A cyber attack launched by pro-Russian hackers on Europe’s air-traffic control agency has paralyzed air traffic employee operations.
On April 20, some 2,000 employees of the European Organization for the Safety of Air Navigation (EOSAN) could not use internal and external communication channels due to the attack, according to the Wall Street Journal. The employees had to resort to using commercial channels.
Though the hackers did not gain access to the the agency’s air-traffic control IT systems, they penetrated its website and caused it to malfunction. “The attack is causing interruptions to the website and web availability,” a statement on the agency’s website reads.
A heavy cyber scuffle
EOSAN, also called Eurocontrol, was forced to inform travelers to use other platforms and avoid its online system when filing flight plans as connectivity problems persisted. “It’s been a heavy cyber battle and while operations are entirely safe, doing other things has been difficult,” a Eurocontrol spokesperson told the Journal.
On April 19, a post on the app Telegram by pro-Russian hacking group KillNet called for black hat hackers to offer support for a marathon distributed denial-of-service (DDoS) attack on Eurocontrol meant to last for “100 hours.” A DDoS attack typically makes services unavailable to users by exploiting a software or hardware vulnerability or by saturating a network’s bandwidth.
The hackers said in the post that they wanted to suppress Eurocontrol’s activities as it was linked to North Atlantic Treaty Organization (NATO), which supports Ukraine in the war against Russia. Killnet threatened to “cause great discomfort to all airline companies in Europe.”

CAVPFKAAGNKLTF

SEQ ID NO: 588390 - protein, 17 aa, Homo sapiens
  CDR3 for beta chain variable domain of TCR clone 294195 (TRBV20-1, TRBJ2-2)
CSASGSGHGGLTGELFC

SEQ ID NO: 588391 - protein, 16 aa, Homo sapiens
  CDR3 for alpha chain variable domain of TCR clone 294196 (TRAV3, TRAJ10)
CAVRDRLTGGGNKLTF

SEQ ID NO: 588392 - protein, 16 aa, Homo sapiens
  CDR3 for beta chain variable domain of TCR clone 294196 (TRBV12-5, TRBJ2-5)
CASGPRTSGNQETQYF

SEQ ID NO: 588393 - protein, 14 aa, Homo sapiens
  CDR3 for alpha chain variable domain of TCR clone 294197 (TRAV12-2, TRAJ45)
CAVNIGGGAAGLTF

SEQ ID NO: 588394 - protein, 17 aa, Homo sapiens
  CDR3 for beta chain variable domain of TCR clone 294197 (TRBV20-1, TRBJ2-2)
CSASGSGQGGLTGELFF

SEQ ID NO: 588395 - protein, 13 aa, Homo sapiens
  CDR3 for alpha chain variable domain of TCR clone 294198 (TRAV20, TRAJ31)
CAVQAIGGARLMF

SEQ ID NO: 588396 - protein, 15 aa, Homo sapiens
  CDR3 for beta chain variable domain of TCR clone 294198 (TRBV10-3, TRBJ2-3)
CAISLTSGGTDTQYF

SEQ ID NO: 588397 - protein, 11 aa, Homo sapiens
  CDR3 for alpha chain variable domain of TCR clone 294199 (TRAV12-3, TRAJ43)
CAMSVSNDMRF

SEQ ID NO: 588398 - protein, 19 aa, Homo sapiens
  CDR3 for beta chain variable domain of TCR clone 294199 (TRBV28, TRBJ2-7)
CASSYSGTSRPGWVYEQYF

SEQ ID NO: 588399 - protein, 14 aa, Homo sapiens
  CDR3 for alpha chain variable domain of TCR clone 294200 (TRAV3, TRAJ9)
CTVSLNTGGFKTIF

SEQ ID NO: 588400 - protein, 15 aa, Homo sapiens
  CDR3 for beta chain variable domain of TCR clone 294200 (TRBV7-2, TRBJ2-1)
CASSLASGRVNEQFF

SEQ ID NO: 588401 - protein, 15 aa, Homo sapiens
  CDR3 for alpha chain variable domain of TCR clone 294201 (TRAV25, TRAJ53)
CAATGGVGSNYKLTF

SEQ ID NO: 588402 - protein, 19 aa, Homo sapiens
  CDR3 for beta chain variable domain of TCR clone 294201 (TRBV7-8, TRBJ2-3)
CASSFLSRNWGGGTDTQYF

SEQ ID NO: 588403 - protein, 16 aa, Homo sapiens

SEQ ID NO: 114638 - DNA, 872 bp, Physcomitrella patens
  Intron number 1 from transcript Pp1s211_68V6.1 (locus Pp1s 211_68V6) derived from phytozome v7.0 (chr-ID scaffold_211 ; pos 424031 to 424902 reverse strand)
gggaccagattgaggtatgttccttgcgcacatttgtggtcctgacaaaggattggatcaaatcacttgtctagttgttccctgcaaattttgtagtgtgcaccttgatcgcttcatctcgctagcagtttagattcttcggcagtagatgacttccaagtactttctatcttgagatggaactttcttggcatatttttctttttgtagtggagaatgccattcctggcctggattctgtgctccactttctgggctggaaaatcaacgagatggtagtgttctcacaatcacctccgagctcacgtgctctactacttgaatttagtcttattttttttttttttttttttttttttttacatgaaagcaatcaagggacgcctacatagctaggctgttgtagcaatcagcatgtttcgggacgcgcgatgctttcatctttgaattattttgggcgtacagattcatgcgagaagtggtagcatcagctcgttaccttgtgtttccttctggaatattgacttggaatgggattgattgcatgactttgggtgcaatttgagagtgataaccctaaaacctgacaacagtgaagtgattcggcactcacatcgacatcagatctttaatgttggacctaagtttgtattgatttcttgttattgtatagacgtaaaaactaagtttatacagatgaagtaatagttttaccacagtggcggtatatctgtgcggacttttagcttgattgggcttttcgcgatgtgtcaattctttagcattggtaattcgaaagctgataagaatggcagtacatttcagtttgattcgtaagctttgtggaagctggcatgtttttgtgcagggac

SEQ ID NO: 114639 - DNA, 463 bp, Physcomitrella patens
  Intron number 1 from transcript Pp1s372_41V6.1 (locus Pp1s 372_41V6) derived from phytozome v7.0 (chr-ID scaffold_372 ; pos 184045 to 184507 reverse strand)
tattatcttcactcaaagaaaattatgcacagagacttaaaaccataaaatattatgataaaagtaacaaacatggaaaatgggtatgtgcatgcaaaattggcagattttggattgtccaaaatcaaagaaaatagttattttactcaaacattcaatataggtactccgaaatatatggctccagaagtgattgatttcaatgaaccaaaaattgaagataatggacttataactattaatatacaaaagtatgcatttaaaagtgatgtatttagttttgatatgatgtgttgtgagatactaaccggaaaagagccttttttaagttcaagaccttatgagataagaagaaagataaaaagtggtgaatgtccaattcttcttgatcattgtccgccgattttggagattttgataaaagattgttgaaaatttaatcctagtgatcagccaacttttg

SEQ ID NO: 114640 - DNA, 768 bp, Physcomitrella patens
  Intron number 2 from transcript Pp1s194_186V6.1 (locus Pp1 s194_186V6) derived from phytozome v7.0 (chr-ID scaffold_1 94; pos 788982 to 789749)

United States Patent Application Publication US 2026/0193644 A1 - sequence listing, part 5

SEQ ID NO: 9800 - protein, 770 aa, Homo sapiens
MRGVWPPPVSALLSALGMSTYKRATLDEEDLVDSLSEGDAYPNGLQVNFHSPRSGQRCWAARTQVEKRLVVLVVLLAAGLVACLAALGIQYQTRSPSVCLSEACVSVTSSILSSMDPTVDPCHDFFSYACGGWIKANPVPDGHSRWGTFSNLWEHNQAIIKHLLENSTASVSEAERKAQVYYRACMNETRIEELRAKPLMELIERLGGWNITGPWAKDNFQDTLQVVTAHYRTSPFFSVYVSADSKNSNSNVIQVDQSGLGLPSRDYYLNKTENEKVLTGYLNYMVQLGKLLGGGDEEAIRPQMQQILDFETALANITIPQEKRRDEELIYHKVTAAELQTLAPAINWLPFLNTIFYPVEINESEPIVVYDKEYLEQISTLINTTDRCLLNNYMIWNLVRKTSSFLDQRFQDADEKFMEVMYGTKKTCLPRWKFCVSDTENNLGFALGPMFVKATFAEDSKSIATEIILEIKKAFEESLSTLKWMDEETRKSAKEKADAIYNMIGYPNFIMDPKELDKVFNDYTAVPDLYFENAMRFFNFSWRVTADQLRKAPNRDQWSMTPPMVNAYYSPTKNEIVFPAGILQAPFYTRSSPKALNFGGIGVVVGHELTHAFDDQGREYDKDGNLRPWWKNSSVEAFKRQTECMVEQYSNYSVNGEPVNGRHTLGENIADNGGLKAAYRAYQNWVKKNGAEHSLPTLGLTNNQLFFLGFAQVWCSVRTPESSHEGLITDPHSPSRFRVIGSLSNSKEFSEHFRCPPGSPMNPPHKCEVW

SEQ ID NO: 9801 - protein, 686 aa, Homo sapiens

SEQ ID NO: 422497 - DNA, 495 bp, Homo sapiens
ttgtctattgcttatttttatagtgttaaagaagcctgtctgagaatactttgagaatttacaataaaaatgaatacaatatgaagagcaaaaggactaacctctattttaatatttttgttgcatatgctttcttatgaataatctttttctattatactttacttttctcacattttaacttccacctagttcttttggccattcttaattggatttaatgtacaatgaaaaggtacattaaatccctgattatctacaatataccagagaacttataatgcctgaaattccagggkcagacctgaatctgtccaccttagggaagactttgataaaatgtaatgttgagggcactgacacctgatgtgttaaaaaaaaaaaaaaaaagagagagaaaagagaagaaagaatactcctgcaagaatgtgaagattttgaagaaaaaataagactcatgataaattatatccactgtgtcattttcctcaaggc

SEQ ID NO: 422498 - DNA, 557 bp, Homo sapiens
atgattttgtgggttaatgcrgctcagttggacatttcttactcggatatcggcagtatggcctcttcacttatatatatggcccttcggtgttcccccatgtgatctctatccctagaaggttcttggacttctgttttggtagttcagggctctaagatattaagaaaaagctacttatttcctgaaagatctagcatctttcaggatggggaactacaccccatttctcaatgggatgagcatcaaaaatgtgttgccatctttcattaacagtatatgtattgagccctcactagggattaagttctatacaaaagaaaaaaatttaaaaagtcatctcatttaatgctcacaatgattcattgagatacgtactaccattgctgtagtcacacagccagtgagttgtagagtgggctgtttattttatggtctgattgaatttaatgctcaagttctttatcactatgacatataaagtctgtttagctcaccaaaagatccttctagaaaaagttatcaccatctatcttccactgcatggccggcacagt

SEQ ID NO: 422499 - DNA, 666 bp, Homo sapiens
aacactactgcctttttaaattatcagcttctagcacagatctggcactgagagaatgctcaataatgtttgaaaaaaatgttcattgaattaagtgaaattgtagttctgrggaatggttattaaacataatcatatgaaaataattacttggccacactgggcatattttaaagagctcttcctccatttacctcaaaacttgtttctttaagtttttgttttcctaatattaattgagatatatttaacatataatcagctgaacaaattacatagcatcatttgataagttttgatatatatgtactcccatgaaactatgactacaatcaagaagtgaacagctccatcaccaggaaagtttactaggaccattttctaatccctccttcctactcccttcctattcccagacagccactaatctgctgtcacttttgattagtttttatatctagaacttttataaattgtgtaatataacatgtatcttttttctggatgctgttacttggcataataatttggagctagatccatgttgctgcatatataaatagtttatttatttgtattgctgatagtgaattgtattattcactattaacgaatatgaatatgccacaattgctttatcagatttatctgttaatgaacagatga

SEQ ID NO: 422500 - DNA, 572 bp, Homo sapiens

KillNet has a history of DDoS attacks
Last October, KillNet claimed responsibility for a DDoS on US airlines that crippled online services at major airports, leaving travelers stranded.
KillNet has carried out numerous cyber attacks in Europe since the war in Ukraine began, affecting more than 30 airports in total.
According to a February Thales’s Cyber Threat Intelligence report, there were almost as many war-related cyber attack incidents in EU countries as there were in Ukraine (85 versus 86) in 2022.
But most of the attacks—80.9%—have been directed towards the EU in the first quarter of this year. The survey says that 75% of all attacks against companies and governments are DDoS.
“In the third quarter of 2022, Europe was dragged into a high-intensity hybrid cyber-war at a turning point in the conflict, with a massive wave of DDoS attacks,” Pierre-Yves Jolivet, VP of cyber solutions at Thales says in the report. “Cyber is now a crucial weapon in the arsenal of new instruments of war.”
Surveys show that of the $3 trillion generated by the global digital economy, 20% of it, or $400 billion, is lost to cybercrime (pdf).